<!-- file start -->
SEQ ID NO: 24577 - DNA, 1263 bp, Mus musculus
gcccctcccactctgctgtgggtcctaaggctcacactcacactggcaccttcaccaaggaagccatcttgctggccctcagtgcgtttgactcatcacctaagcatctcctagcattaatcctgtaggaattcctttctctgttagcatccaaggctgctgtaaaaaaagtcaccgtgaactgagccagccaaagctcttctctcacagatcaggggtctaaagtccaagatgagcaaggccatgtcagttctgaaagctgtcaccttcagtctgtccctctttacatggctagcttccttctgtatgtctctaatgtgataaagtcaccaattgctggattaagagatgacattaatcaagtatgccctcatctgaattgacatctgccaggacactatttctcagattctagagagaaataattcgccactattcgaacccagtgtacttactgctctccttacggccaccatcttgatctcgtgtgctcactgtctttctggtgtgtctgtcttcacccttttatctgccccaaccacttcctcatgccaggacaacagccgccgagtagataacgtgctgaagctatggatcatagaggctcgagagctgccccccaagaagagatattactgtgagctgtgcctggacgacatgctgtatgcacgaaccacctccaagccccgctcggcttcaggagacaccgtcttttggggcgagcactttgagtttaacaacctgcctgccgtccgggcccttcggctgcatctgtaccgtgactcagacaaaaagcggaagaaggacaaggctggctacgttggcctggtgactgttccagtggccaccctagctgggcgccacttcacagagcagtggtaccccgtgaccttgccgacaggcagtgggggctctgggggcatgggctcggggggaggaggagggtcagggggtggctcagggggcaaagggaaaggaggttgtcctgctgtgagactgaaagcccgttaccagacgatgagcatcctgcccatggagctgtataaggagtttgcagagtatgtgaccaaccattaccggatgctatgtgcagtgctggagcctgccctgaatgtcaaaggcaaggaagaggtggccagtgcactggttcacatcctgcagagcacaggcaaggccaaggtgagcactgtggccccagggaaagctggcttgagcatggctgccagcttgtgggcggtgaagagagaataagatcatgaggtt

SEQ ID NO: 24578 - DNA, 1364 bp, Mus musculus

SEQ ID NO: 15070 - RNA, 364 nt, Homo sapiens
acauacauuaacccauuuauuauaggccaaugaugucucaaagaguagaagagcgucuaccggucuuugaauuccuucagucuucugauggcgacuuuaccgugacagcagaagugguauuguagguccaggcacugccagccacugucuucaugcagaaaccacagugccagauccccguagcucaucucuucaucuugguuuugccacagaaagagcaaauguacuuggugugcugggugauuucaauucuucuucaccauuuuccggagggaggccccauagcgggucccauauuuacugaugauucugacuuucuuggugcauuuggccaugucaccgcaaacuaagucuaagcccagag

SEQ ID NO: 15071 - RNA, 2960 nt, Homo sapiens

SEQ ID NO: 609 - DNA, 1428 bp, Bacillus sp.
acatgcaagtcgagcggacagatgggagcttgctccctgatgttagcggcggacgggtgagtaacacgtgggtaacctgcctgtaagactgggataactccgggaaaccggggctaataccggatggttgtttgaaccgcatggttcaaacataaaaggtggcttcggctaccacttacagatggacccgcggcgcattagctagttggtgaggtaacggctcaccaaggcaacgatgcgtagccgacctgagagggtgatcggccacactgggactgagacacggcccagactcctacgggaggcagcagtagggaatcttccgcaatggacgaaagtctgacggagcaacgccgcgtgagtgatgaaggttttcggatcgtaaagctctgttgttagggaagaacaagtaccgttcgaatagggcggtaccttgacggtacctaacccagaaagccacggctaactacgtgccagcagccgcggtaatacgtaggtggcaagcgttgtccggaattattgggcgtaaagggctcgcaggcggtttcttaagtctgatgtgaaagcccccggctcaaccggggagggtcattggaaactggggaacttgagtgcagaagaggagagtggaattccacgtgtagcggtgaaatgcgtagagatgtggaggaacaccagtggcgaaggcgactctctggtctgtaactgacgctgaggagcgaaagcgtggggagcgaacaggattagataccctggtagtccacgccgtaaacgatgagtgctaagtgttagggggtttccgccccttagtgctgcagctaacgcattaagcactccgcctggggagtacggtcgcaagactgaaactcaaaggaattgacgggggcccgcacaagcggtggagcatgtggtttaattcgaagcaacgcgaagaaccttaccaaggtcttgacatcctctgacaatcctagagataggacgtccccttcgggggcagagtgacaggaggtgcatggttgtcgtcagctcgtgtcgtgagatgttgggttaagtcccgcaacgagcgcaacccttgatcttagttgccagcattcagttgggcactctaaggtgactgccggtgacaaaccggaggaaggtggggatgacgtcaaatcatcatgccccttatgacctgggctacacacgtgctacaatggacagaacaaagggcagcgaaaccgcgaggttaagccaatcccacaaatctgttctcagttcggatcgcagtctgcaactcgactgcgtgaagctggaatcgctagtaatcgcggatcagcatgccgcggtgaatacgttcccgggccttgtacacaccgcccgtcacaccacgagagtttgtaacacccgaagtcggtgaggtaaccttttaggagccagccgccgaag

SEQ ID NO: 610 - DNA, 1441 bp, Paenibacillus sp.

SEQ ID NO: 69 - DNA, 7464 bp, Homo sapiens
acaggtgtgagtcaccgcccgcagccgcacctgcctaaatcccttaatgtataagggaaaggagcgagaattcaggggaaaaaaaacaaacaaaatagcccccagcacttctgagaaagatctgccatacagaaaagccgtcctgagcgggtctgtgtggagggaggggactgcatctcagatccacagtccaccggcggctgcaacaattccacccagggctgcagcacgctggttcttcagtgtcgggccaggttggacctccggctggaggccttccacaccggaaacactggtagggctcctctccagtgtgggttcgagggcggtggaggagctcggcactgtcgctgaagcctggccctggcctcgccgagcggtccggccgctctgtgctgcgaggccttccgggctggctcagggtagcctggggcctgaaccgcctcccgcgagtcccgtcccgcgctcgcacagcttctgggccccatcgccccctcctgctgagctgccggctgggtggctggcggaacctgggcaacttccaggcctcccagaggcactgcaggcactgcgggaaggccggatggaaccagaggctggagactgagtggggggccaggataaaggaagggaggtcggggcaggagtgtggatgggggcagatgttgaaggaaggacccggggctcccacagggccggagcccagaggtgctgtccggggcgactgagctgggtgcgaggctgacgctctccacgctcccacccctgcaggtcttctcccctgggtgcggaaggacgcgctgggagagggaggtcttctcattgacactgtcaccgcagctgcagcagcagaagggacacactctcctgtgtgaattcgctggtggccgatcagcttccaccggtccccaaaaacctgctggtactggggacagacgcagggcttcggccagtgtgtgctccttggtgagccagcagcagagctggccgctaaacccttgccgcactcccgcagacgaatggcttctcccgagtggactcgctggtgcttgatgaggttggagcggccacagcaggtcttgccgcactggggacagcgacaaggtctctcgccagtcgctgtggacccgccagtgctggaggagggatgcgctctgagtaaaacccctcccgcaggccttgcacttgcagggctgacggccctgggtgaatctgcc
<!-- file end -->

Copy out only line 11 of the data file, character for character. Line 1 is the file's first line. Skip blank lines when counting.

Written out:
acaggtgtgagtcaccgcccgcagccgcacctgcctaaatcccttaatgtataagggaaaggagcgagaattcaggggaaaaaaaacaaacaaaatagcccccagcacttctgagaaagatctgccatacagaaaagccgtcctgagcgggtctgtgtggagggaggggactgcatctcagatccacagtccaccggcggctgcaacaattccacccagggctgcagcacgctggttcttcagtgtcgggccaggttggacctccggctggaggccttccacaccggaaacactggtagggctcctctccagtgtgggttcgagggcggtggaggagctcggcactgtcgctgaagcctggccctggcctcgccgagcggtccggccgctctgtgctgcgaggccttccgggctggctcagggtagcctggggcctgaaccgcctcccgcgagtcccgtcccgcgctcgcacagcttctgggccccatcgccccctcctgctgagctgccggctgggtggctggcggaacctgggcaacttccaggcctcccagaggcactgcaggcactgcgggaaggccggatggaaccagaggctggagactgagtggggggccaggataaaggaagggaggtcggggcaggagtgtggatgggggcagatgttgaaggaaggacccggggctcccacagggccggagcccagaggtgctgtccggggcgactgagctgggtgcgaggctgacgctctccacgctcccacccctgcaggtcttctcccctgggtgcggaaggacgcgctgggagagggaggtcttctcattgacactgtcaccgcagctgcagcagcagaagggacacactctcctgtgtgaattcgctggtggccgatcagcttccaccggtccccaaaaacctgctggtactggggacagacgcagggcttcggccagtgtgtgctccttggtgagccagcagcagagctggccgctaaacccttgccgcactcccgcagacgaatggcttctcccgagtggactcgctggtgcttgatgaggttggagcggccacagcaggtcttgccgcactggggacagcgacaaggtctctcgccagtcgctgtggacccgccagtgctggaggagggatgcgctctgagtaaaacccctcccgcaggccttgcacttgcagggctgacggccctgggtgaatctgcc